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Do fraud investigators ask for help from individuals or corporations?

On Behalf of | Feb 10, 2023 | Criminal Defense |

The job of investigators and government attorneys is to secure convictions from the evidence they carefully collect. But exactly how and what do they investigate?

Most white-collar crime investigations, such as those for fraud, are partnerships. One of the agencies that participate in and coordinate these partnerships is the FBI.

A larger intelligence community

The FBI is part of the Intelligence Community: a network of 18 organizations that includes everything from the Space Force to the NSA. It also has outreach programs to collaborate with and increase the effectiveness of local and state law enforcement agencies.

The Bureau is also a large organization in its own right. It employs tens of thousands of people in various specialist and investigatory roles.

A mission to investigate fraud

Investigating fraud and other types of white-collar crime is one of the main activities at the FBI. As if that were not enough, the IRS, FinCEN and the SEC are all also on board with this mission. Together, they pursue various types of convictions, such as those for:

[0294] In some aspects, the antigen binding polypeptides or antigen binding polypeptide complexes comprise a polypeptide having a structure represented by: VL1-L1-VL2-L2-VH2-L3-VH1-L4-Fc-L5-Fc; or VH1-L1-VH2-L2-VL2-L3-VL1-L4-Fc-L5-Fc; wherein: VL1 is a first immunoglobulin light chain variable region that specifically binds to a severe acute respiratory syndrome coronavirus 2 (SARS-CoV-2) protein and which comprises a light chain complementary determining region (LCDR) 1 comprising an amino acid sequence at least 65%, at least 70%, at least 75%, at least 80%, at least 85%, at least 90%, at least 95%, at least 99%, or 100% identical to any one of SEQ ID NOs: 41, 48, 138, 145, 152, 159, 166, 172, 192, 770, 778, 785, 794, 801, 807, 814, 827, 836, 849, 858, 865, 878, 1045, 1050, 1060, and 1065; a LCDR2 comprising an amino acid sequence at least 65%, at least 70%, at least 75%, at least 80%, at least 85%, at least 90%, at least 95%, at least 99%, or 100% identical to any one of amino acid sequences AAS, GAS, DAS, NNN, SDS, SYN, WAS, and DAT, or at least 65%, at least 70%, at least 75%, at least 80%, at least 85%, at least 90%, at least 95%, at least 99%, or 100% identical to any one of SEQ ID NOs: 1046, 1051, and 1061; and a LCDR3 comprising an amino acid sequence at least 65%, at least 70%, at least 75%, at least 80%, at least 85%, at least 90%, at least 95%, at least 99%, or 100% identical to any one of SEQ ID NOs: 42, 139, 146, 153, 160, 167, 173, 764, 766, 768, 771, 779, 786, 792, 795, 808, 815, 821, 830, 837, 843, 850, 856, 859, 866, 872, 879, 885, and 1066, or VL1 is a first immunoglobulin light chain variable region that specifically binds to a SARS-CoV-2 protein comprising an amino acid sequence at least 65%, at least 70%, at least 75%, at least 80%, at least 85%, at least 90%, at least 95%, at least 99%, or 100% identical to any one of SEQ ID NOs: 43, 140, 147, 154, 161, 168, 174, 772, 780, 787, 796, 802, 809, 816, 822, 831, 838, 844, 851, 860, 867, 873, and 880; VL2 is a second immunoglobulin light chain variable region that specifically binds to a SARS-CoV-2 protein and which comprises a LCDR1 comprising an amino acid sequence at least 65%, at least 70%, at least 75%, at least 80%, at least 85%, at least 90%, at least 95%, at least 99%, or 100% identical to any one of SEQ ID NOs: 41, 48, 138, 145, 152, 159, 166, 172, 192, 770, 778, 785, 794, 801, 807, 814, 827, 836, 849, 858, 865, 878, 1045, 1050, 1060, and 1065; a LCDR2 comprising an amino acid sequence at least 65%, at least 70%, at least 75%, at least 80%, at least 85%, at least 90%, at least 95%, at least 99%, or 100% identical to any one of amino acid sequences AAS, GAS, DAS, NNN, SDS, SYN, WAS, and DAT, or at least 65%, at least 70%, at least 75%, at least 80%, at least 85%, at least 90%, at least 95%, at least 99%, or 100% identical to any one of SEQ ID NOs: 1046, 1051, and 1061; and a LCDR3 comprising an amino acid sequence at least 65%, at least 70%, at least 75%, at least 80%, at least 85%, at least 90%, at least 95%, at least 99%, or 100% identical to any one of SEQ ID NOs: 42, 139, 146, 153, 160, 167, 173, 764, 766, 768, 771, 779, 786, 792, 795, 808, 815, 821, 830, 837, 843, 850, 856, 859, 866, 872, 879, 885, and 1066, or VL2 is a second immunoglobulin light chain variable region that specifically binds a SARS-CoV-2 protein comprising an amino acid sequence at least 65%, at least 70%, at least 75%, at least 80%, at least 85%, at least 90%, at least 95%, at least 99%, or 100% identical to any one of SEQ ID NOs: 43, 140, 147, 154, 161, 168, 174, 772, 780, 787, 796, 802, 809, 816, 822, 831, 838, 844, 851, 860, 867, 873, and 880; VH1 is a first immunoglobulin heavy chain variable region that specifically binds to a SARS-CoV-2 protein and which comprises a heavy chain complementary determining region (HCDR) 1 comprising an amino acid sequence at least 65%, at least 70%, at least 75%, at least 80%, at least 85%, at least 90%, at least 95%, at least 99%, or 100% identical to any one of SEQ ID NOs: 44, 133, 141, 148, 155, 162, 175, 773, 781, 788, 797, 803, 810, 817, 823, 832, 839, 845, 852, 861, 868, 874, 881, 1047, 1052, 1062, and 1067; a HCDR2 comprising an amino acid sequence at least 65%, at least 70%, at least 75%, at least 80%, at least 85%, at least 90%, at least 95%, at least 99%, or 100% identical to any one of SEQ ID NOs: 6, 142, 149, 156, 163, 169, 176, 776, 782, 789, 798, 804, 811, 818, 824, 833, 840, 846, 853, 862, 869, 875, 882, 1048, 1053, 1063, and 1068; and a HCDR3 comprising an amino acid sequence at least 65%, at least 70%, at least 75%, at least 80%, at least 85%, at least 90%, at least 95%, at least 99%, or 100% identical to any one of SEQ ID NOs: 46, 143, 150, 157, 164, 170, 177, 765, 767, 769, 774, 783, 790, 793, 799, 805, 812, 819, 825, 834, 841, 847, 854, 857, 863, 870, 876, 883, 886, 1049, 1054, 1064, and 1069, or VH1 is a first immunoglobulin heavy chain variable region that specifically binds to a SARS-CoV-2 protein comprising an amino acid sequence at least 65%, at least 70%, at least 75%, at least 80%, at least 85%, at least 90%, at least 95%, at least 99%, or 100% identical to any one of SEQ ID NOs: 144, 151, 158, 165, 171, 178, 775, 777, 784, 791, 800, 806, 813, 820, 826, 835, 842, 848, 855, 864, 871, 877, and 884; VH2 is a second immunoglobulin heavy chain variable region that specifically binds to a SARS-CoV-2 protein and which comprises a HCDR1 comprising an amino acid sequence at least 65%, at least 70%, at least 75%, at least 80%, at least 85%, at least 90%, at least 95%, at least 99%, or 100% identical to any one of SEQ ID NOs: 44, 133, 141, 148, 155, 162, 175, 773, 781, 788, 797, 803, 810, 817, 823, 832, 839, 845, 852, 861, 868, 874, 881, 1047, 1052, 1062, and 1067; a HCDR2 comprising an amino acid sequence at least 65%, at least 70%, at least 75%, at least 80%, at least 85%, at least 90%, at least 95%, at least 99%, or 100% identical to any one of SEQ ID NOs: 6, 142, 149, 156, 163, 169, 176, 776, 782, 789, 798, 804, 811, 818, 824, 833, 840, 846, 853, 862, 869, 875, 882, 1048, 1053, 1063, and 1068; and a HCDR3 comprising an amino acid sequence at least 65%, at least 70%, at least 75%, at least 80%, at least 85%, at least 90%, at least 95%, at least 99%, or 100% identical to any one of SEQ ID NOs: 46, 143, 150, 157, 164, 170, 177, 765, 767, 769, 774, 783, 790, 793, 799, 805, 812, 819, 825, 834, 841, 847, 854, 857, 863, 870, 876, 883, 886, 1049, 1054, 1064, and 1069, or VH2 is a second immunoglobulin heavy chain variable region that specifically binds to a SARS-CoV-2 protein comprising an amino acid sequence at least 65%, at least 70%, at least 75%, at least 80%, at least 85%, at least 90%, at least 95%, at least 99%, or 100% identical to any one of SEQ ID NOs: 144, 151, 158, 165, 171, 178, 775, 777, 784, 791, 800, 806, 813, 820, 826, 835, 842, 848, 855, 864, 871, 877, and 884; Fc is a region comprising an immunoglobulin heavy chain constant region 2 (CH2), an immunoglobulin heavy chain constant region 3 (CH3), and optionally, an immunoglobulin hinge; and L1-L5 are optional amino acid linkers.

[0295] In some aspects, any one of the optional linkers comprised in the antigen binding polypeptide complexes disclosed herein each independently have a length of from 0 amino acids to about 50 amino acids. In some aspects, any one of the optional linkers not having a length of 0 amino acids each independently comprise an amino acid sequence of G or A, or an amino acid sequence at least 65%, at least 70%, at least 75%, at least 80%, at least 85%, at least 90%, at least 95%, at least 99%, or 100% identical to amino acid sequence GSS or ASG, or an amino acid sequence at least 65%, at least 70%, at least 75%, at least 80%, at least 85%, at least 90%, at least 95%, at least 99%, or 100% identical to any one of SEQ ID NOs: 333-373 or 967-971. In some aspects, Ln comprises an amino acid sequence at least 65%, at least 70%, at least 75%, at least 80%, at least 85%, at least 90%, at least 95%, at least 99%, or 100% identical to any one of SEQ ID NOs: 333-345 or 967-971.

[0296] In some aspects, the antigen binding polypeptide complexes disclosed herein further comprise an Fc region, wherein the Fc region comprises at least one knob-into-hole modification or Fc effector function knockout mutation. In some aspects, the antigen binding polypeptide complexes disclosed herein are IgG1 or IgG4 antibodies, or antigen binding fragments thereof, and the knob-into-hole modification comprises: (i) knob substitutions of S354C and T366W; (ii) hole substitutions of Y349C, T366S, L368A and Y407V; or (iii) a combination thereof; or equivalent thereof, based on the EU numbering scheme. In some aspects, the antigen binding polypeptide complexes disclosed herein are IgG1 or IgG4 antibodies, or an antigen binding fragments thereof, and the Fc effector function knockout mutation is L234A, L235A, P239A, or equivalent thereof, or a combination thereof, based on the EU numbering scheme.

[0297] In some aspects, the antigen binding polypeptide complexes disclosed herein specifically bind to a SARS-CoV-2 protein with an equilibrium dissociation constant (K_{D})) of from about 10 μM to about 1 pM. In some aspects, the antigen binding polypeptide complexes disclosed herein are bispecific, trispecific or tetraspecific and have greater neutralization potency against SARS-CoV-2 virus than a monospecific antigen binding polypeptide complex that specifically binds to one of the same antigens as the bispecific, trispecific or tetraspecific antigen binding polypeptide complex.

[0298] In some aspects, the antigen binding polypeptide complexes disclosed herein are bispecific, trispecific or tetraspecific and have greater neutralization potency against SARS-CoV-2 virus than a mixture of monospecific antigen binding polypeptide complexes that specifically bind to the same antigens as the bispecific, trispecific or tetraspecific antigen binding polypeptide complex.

• Money laundering
  • Intellectual property crimes
  • Falsification of financial statements
  • Securities and commodities fraud
  • Healthcare fraud

This is a multi-agency and multidisciplinary approach to criminal investigation. It is all in pursuit of securing convictions for regional, national and international activities that, according to the FBI, cost American businesses billions of dollars annually.

A network this size — or a local law enforcement agency with the support of such a network — might not always need help from individual businesspeople or organizations. Invitations to participate in investigations could have ulterior motives, such as collecting evidence necessary to strengthen a case against the purported assistant.